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Presidential front-runner Abul Fotouh calls Egypt's seminal 1979 peace treaty a "national security threat."
CAIRO, Egypt -- A leading candidate for Egypt's forthcoming presidential election said the country's landmark 1979 peace treaty with Israel constituted a "national security threat" that "must be revised," reported Agence-France Press.
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Dr. Abdel Moneim Abul Fotouh, who is campaigning as a centrist, called Israel a "racist state" in a Saturday interview with the private Egyptian satellite station CBC, according to AFP.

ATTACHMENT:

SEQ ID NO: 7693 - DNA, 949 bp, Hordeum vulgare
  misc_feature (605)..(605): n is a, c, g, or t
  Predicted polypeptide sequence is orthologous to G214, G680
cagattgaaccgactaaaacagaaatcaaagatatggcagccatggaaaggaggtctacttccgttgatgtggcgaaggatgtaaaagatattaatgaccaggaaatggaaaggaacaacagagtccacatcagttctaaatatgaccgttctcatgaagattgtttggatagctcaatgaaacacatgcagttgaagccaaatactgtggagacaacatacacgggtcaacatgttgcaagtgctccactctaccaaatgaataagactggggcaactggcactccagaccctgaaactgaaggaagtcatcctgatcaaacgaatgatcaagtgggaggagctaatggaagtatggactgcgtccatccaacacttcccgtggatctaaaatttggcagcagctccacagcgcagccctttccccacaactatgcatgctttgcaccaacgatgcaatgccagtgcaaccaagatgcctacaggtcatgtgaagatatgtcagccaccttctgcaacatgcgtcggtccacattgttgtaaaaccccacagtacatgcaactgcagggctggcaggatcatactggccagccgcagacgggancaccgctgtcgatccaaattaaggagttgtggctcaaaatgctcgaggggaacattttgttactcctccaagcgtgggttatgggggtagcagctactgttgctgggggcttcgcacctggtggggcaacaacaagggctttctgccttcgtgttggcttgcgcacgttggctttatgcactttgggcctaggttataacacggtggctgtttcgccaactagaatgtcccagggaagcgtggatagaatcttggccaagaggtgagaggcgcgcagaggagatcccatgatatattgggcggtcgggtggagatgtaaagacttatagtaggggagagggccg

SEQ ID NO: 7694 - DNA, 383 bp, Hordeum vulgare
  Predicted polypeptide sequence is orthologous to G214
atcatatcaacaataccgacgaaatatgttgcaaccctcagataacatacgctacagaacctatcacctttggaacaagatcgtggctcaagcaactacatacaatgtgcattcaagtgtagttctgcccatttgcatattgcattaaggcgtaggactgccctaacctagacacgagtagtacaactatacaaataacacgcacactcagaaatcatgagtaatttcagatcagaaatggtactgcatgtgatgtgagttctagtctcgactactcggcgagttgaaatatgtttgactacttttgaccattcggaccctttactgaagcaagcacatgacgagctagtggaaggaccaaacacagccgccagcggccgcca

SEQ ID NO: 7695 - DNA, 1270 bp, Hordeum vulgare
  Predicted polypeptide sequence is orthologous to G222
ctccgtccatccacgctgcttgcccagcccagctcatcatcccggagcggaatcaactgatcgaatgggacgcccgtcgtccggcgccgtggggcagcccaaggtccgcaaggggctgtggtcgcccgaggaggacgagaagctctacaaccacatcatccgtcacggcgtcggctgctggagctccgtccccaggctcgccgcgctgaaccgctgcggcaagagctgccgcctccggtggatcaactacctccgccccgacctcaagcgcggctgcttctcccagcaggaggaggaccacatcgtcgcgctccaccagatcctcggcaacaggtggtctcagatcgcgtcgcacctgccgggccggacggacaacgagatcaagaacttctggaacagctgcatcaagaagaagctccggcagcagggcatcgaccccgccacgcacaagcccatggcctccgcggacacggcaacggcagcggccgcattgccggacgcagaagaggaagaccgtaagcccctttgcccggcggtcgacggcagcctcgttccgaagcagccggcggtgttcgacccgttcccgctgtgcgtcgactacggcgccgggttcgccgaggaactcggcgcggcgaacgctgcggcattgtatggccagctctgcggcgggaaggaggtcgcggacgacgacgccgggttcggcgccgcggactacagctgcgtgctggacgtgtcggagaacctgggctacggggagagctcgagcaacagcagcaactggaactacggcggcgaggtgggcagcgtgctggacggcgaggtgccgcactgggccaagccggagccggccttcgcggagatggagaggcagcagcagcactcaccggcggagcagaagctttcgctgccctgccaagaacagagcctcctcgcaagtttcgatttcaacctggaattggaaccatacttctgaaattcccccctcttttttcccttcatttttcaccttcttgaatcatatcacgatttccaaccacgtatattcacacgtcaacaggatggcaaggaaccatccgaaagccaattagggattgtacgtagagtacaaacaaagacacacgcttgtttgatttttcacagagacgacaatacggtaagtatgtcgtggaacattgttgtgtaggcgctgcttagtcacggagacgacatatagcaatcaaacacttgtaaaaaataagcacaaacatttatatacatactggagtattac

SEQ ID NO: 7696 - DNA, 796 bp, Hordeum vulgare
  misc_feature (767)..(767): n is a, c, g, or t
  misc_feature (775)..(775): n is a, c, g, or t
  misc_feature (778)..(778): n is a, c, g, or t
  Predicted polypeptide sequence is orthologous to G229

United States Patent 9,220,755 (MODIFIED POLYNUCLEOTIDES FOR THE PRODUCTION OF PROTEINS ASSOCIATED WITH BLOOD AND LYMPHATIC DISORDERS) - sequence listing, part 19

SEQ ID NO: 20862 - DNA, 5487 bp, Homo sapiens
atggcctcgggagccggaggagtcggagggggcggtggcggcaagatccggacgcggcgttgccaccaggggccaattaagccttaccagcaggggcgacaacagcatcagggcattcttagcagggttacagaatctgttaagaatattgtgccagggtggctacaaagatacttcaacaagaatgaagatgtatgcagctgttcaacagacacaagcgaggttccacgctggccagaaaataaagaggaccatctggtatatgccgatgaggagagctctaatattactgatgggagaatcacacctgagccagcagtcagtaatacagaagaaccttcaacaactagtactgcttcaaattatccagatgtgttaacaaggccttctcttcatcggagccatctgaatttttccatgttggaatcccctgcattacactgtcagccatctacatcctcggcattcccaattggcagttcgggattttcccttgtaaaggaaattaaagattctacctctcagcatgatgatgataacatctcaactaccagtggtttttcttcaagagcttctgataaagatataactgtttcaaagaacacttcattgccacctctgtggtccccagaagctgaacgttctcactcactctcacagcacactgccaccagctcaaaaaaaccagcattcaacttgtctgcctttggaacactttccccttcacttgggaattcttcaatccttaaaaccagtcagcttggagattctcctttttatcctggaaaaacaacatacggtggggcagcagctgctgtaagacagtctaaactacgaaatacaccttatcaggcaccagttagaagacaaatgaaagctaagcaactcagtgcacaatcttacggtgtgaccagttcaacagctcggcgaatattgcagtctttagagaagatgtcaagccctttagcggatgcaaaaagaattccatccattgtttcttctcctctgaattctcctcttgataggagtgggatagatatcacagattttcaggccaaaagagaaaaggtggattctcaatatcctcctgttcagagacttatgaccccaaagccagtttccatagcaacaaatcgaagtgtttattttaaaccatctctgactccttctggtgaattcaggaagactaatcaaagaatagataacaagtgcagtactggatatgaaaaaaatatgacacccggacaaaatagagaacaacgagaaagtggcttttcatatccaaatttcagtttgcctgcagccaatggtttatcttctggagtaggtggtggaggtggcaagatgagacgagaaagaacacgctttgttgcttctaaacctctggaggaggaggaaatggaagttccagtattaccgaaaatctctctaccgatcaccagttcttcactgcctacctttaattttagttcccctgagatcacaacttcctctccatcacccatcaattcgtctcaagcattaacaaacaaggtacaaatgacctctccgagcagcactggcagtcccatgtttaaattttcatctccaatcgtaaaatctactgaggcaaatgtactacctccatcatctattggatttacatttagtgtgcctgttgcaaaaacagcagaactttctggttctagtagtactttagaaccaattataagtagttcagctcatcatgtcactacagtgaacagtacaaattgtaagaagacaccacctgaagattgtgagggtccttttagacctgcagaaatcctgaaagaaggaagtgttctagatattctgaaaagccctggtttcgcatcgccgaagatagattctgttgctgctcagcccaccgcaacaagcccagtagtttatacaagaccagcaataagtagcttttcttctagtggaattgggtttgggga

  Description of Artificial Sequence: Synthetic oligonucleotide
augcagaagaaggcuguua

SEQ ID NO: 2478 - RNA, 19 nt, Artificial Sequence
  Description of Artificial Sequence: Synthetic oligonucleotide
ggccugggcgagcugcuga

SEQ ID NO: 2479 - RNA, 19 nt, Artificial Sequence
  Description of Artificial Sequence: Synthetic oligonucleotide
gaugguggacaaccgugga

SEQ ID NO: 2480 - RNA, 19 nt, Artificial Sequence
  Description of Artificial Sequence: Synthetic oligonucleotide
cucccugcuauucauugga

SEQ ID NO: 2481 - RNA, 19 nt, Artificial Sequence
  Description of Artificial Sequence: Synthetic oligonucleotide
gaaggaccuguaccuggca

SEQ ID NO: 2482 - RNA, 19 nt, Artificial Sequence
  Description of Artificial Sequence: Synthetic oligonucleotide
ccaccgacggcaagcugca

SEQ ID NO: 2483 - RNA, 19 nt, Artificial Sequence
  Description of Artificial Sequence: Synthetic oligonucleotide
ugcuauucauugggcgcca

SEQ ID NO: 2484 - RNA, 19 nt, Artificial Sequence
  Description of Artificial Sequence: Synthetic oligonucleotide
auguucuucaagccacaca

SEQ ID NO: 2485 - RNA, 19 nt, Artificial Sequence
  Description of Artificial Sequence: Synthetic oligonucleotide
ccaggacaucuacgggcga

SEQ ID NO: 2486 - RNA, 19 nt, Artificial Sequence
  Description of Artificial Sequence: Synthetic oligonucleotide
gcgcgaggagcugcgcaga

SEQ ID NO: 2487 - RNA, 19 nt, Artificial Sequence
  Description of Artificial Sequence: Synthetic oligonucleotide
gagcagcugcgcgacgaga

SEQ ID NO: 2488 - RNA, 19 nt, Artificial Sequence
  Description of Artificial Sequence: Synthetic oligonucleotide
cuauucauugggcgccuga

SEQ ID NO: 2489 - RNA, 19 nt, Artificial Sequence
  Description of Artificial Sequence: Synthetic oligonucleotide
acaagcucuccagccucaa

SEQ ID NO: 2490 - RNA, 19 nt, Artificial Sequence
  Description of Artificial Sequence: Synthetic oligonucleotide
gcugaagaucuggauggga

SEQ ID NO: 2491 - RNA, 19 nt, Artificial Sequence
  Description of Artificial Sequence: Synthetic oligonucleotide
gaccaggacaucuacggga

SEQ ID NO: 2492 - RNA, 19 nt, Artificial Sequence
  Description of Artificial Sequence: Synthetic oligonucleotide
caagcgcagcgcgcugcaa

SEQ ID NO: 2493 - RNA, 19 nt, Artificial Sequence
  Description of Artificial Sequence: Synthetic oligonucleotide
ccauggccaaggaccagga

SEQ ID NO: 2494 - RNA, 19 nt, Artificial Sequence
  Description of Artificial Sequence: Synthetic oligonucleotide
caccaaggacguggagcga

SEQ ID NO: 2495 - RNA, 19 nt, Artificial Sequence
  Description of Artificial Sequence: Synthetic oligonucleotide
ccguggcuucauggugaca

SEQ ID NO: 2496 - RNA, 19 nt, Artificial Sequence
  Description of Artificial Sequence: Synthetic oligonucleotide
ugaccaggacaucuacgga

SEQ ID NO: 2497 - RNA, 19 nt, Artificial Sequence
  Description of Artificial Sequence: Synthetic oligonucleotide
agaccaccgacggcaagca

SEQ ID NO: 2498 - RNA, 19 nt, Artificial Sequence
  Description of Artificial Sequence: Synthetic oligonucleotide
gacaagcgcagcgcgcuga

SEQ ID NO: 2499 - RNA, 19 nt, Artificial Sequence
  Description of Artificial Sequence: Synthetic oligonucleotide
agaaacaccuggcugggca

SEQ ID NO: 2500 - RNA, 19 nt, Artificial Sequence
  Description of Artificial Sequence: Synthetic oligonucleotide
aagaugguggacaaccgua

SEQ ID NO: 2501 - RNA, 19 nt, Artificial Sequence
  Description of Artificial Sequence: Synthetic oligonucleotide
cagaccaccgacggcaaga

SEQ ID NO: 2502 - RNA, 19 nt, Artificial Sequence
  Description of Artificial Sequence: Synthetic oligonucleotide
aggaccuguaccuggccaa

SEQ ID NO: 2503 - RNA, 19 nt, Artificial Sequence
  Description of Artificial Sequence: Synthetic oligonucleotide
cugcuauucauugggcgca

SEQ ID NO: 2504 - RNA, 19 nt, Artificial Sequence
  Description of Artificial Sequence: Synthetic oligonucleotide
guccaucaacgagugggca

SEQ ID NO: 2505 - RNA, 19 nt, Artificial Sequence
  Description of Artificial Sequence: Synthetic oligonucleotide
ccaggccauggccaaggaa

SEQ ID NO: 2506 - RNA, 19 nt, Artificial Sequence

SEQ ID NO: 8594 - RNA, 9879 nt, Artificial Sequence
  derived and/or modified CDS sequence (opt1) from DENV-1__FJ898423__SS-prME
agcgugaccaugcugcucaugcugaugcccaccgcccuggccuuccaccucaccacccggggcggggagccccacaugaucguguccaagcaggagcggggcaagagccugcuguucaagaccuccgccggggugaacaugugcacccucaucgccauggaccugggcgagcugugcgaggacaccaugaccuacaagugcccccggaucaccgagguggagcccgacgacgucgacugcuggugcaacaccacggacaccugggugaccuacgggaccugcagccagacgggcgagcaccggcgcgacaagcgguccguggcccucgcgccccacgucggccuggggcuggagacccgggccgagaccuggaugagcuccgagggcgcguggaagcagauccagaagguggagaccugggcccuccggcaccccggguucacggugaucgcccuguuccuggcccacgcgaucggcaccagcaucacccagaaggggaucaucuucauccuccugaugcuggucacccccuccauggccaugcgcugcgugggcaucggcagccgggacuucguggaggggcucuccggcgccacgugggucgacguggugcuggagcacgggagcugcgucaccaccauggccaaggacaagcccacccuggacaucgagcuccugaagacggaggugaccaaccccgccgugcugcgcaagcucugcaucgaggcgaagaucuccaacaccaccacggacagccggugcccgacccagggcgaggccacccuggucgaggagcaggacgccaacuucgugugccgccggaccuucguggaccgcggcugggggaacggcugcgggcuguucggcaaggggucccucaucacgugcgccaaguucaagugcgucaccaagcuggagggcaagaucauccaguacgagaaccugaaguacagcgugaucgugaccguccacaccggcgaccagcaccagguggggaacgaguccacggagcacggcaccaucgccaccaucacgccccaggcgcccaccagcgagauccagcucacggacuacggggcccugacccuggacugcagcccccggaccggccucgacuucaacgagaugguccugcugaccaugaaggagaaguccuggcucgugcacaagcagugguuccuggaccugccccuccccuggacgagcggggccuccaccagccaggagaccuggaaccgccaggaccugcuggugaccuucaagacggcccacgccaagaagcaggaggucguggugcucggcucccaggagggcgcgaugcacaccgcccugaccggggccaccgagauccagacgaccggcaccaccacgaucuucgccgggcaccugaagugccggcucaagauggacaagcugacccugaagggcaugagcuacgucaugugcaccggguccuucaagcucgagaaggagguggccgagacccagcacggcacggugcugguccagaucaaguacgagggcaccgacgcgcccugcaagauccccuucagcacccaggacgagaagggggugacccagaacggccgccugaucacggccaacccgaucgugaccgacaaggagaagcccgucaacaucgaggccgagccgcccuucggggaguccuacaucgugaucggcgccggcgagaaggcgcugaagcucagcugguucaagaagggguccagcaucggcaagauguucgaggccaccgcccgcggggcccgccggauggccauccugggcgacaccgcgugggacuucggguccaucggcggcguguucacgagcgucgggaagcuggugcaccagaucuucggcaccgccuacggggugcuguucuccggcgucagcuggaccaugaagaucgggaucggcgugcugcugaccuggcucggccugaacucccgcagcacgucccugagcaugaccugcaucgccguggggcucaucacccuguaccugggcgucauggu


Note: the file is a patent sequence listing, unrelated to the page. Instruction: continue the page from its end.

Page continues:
He also criticized the US-led raid that killed terror leader Osama bin Laden, reported the Tehran Times.
The latest poll puts Abul Fotouh behind rival Amr Moussa, a Mubarak-era foreign minister, and Ahmed Shafiq, his former prime minister, according to AhramOnline.
Abul Fotouh faced off with Moussa in Egypt's first-ever presidential debate last week. In response to a question about the role of Israel in Egypt's future foreign policy, Aboul Fotouh called the country an enemy. Moussa disagreed, but said the peace treaty should be revisited.
A former member of the Muslim Brotherhood, Abul Fotouh has since broken with the movement and is now campaigning as a moderate Islamist.
Egypt is set to hold elections May 23-24, a historic vote meant to install the country's first civilian president after former leader Hosni Mubarak was ousted by popular protest last year.